A projection of the measured sea level rise from 1700 to 2009 gives us about 300 mm of sea level rise from 2007-2100. That’s 11.8 inches. Less than 1 foot. A far cry from 6.5 feet. There is no evidence that the maximum possible sea level rise could be greater than the IPCC’s low-end projection. None. Zero. Zip. Zilch. Nada.  

  

6.5 ft is 1981 mm.  

Sea level would have to rise at a rate of 22 mm/yr from now until 2100 in order to achieve a 6.5 ft rise by 2100.  

Here are the top ten decades of sea level rise (mm/yr) since 1700…  

  1. 1804-1813   12.75
  2. 1803-1812   10.67
  3. 1728-1737   10.30
  4. 1789-1798     8.38
  5. 1842-1851     7.87
  6. 1858-1867     7.82
  7. 1788-1797     7.72
  8. 1861-1870      7.66
  9. 1808-1817     7.58
  10. 1785-1794     7.18

None of those 10-yr periods has come anywhere close to 22 mm/yr… And all of those periods occurred long before man started pumping CO2 into the atmosphere.  

Here are the top ten decades (mm/yr) from 1950-2002…  

  1. 1989-1998    4.66
  2. 1990-1999    3.95
  3. 1991-2000    3.86
  4. 1956-1965    3.79
  5. 1986-1995    3.78
  6. 1974-1983    3.71
  7. 1952-1961    3.65
  8. 1993-2002    3.63
  9. 1988-1997    3.44
  10. 1975-1984    3.30

Sea level data from 1700-2002 sourced from:  

“Recent global sea level acceleration started %over 200 years ago?”,
Jevrejeva, S., J. C. Moore, A. Grinsted, and P. L. Woodworth (2008),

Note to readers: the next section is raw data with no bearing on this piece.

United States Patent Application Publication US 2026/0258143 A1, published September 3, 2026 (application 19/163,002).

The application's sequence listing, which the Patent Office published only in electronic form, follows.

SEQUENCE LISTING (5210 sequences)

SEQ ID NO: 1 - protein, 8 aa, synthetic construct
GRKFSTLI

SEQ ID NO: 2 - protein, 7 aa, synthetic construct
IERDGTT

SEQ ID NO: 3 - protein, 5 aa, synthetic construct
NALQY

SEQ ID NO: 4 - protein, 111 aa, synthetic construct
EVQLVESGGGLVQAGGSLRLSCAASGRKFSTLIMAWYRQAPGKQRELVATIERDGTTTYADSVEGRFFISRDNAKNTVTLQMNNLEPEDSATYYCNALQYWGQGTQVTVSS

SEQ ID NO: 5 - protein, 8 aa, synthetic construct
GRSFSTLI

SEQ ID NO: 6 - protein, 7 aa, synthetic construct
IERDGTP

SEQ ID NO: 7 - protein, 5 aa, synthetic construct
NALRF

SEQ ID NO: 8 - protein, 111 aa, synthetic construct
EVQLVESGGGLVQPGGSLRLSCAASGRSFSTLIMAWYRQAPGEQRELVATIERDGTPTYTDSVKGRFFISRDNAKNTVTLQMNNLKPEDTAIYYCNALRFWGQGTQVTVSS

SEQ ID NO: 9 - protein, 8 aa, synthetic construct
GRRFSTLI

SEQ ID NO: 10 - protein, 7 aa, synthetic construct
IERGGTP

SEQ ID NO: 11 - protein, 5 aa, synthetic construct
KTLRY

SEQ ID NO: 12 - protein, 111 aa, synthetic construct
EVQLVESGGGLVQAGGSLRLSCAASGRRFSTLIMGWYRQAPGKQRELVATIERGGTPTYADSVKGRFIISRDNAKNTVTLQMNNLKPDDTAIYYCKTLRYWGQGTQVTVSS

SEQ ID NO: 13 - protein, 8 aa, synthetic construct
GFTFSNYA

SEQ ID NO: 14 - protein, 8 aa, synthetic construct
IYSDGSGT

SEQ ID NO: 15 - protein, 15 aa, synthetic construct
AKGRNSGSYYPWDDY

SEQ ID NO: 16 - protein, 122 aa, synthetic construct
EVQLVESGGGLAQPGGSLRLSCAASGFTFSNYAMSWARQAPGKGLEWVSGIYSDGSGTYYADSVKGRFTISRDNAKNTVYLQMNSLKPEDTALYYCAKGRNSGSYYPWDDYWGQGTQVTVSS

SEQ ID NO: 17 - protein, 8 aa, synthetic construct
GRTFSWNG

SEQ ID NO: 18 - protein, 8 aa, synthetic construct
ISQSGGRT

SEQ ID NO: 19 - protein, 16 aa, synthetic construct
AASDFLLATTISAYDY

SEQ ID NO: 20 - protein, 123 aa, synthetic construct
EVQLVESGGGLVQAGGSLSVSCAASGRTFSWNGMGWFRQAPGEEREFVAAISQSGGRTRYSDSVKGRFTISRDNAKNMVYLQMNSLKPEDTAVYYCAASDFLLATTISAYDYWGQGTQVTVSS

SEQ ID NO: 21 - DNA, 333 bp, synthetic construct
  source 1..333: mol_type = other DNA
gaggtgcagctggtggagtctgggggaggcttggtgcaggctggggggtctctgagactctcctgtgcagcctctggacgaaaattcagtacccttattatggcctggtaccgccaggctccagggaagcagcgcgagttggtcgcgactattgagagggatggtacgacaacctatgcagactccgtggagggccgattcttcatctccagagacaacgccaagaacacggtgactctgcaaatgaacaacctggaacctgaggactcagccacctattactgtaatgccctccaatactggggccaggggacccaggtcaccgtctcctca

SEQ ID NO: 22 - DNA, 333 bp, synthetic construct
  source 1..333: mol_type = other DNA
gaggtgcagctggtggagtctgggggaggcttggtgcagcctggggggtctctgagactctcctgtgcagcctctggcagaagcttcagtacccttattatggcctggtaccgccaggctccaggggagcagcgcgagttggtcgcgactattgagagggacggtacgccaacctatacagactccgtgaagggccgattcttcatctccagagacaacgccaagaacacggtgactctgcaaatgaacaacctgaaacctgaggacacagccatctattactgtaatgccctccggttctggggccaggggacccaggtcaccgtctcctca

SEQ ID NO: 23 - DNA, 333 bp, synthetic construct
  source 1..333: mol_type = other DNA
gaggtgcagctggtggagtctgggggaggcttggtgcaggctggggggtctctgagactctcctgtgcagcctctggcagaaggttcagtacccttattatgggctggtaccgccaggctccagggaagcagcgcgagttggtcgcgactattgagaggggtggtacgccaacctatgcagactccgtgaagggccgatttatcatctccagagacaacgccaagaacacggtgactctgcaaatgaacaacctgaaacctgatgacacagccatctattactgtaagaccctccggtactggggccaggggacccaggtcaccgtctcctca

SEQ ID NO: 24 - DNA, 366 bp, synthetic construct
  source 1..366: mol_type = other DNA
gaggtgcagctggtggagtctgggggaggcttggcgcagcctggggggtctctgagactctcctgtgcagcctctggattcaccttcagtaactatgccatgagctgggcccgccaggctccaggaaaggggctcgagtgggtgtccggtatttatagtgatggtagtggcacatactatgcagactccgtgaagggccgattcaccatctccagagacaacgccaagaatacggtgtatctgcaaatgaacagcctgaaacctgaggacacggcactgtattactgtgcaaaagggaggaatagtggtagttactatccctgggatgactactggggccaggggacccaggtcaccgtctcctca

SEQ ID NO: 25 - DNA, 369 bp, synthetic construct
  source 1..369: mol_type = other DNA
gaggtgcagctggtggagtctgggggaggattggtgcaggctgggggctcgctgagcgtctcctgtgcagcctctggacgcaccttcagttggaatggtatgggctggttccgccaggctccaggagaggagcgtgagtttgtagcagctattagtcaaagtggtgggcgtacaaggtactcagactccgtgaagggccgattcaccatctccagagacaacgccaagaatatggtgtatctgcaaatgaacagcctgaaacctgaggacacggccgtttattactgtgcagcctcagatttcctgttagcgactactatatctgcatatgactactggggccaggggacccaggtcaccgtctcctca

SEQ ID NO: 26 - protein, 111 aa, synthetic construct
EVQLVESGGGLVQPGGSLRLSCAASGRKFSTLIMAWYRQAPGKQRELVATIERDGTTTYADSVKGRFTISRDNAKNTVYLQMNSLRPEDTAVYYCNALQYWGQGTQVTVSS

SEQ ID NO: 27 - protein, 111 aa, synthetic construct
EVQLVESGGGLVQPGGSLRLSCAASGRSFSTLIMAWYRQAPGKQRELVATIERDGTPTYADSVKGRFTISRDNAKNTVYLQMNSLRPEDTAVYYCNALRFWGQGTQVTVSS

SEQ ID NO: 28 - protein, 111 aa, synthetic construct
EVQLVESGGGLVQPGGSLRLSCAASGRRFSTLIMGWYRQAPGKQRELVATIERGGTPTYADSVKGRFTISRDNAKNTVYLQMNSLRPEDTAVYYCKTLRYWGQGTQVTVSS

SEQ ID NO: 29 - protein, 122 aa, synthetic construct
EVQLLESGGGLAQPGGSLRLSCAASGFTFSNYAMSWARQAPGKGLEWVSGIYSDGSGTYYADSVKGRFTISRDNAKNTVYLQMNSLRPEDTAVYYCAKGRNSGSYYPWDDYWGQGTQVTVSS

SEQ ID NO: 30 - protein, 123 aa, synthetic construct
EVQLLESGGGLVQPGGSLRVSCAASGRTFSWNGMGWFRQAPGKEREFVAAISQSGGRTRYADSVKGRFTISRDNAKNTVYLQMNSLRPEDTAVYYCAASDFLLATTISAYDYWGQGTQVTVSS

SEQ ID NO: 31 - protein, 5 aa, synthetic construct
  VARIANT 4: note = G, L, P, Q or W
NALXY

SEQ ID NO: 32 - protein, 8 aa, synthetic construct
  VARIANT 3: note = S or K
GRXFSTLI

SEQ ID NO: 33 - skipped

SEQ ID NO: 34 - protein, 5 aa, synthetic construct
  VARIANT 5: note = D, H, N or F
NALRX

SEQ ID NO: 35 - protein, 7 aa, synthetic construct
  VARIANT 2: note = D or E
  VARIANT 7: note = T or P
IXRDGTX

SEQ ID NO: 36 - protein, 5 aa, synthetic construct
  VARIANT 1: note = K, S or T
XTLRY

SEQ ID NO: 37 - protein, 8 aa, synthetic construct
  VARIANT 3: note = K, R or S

Geophys. Res. Lett., 35, L08715, doi:10.1029/2008GL033611.  

LINK  

Satellite altimetry data from 1993-2010 show that sea level rise has decelerated to less than 3 mm/yr.  

Sea level has never risen more than 12.75 mm/yr on a decadal scale since 1700.  

Sea level hasn’t risen by more than 4.66 mm/yr on a decadal scale since 1950.  

Yet the National Academy of Sciences can predict a sea level rise of 22 mm/yr over nine (9) straight decades (starting today) and keep a straight face.  

These people will destroy the credibility of science… If they already haven’t.  

The full report can be purchased from the National Academy of Sciences ($67 for the paperback or $44 for a pdf download).  

This freaking report was commissioned by Congress and paid for with our tax dollars.  

Why in the Hell do we have to buy it if we want to read it?  

A four-page summary is available free of charge. It’s nothing but a rehashing of old IPCC talking points.